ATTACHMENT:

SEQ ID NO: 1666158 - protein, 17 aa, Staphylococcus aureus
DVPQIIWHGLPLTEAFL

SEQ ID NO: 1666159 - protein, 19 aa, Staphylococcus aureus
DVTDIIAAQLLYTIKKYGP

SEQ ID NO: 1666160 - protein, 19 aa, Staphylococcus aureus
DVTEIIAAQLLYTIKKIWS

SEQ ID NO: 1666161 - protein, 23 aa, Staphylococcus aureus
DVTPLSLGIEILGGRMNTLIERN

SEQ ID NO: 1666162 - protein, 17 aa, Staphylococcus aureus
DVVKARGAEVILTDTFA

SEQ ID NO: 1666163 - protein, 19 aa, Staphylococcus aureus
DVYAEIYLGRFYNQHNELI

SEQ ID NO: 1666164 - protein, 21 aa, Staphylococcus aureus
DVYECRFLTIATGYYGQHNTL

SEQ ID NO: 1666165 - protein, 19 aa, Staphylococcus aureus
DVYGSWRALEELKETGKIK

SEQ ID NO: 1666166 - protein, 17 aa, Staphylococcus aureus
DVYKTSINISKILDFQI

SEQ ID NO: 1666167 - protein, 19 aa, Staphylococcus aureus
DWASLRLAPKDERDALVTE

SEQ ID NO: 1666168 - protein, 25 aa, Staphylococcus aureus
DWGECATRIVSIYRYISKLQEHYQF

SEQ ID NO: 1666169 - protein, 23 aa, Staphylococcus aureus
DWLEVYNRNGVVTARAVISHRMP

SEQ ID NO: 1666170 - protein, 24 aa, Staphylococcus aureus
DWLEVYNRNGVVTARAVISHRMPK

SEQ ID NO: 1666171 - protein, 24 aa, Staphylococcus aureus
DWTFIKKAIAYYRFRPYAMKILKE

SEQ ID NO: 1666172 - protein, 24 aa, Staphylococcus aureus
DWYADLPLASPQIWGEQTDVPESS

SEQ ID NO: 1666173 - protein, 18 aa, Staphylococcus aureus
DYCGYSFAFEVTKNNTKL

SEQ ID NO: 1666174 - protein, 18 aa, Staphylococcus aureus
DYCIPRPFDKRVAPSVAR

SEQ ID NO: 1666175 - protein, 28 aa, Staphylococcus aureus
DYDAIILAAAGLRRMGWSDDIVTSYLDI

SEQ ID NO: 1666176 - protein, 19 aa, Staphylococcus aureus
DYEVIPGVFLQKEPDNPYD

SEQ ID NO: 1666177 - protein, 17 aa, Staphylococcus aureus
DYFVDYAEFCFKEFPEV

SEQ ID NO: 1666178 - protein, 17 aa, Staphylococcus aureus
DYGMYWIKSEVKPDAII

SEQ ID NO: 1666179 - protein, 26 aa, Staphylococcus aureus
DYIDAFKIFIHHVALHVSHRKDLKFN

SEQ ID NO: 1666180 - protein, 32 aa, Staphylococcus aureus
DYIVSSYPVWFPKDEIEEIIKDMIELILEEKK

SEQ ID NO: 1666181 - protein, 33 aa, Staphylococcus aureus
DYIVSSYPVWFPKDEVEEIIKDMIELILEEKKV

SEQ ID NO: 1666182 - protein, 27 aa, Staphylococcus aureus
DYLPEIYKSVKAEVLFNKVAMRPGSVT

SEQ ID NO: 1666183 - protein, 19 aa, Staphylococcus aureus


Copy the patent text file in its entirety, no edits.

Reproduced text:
SEQ ID NO: 1666158 - protein, 17 aa, Staphylococcus aureus
DVPQIIWHGLPLTEAFL

SEQ ID NO: 1666159 - protein, 19 aa, Staphylococcus aureus
DVTDIIAAQLLYTIKKYGP

SEQ ID NO: 1666160 - protein, 19 aa, Staphylococcus aureus
DVTEIIAAQLLYTIKKIWS

SEQ ID NO: 1666161 - protein, 23 aa, Staphylococcus aureus
DVTPLSLGIEILGGRMNTLIERN

SEQ ID NO: 1666162 - protein, 17 aa, Staphylococcus aureus
DVVKARGAEVILTDTFA

SEQ ID NO: 1666163 - protein, 19 aa, Staphylococcus aureus
DVYAEIYLGRFYNQHNELI

SEQ ID NO: 1666164 - protein, 21 aa, Staphylococcus aureus
DVYECRFLTIATGYYGQHNTL

SEQ ID NO: 1666165 - protein, 19 aa, Staphylococcus aureus
DVYGSWRALEELKETGKIK

SEQ ID NO: 1666166 - protein, 17 aa, Staphylococcus aureus
DVYKTSINISKILDFQI

SEQ ID NO: 1666167 - protein, 19 aa, Staphylococcus aureus
DWASLRLAPKDERDALVTE

SEQ ID NO: 1666168 - protein, 25 aa, Staphylococcus aureus
DWGECATRIVSIYRYISKLQEHYQF

SEQ ID NO: 1666169 - protein, 23 aa, Staphylococcus aureus
DWLEVYNRNGVVTARAVISHRMP

SEQ ID NO: 1666170 - protein, 24 aa, Staphylococcus aureus
DWLEVYNRNGVVTARAVISHRMPK

SEQ ID NO: 1666171 - protein, 24 aa, Staphylococcus aureus
DWTFIKKAIAYYRFRPYAMKILKE

SEQ ID NO: 1666172 - protein, 24 aa, Staphylococcus aureus
DWYADLPLASPQIWGEQTDVPESS

SEQ ID NO: 1666173 - protein, 18 aa, Staphylococcus aureus
DYCGYSFAFEVTKNNTKL

SEQ ID NO: 1666174 - protein, 18 aa, Staphylococcus aureus
DYCIPRPFDKRVAPSVAR

SEQ ID NO: 1666175 - protein, 28 aa, Staphylococcus aureus
DYDAIILAAAGLRRMGWSDDIVTSYLDI

SEQ ID NO: 1666176 - protein, 19 aa, Staphylococcus aureus
DYEVIPGVFLQKEPDNPYD

SEQ ID NO: 1666177 - protein, 17 aa, Staphylococcus aureus
DYFVDYAEFCFKEFPEV

SEQ ID NO: 1666178 - protein, 17 aa, Staphylococcus aureus
DYGMYWIKSEVKPDAII

SEQ ID NO: 1666179 - protein, 26 aa, Staphylococcus aureus
DYIDAFKIFIHHVALHVSHRKDLKFN

SEQ ID NO: 1666180 - protein, 32 aa, Staphylococcus aureus
DYIVSSYPVWFPKDEIEEIIKDMIELILEEKK

SEQ ID NO: 1666181 - protein, 33 aa, Staphylococcus aureus
DYIVSSYPVWFPKDEVEEIIKDMIELILEEKKV

SEQ ID NO: 1666182 - protein, 27 aa, Staphylococcus aureus
DYLPEIYKSVKAEVLFNKVAMRPGSVT

SEQ ID NO: 1666183 - protein, 19 aa, Staphylococcus aureus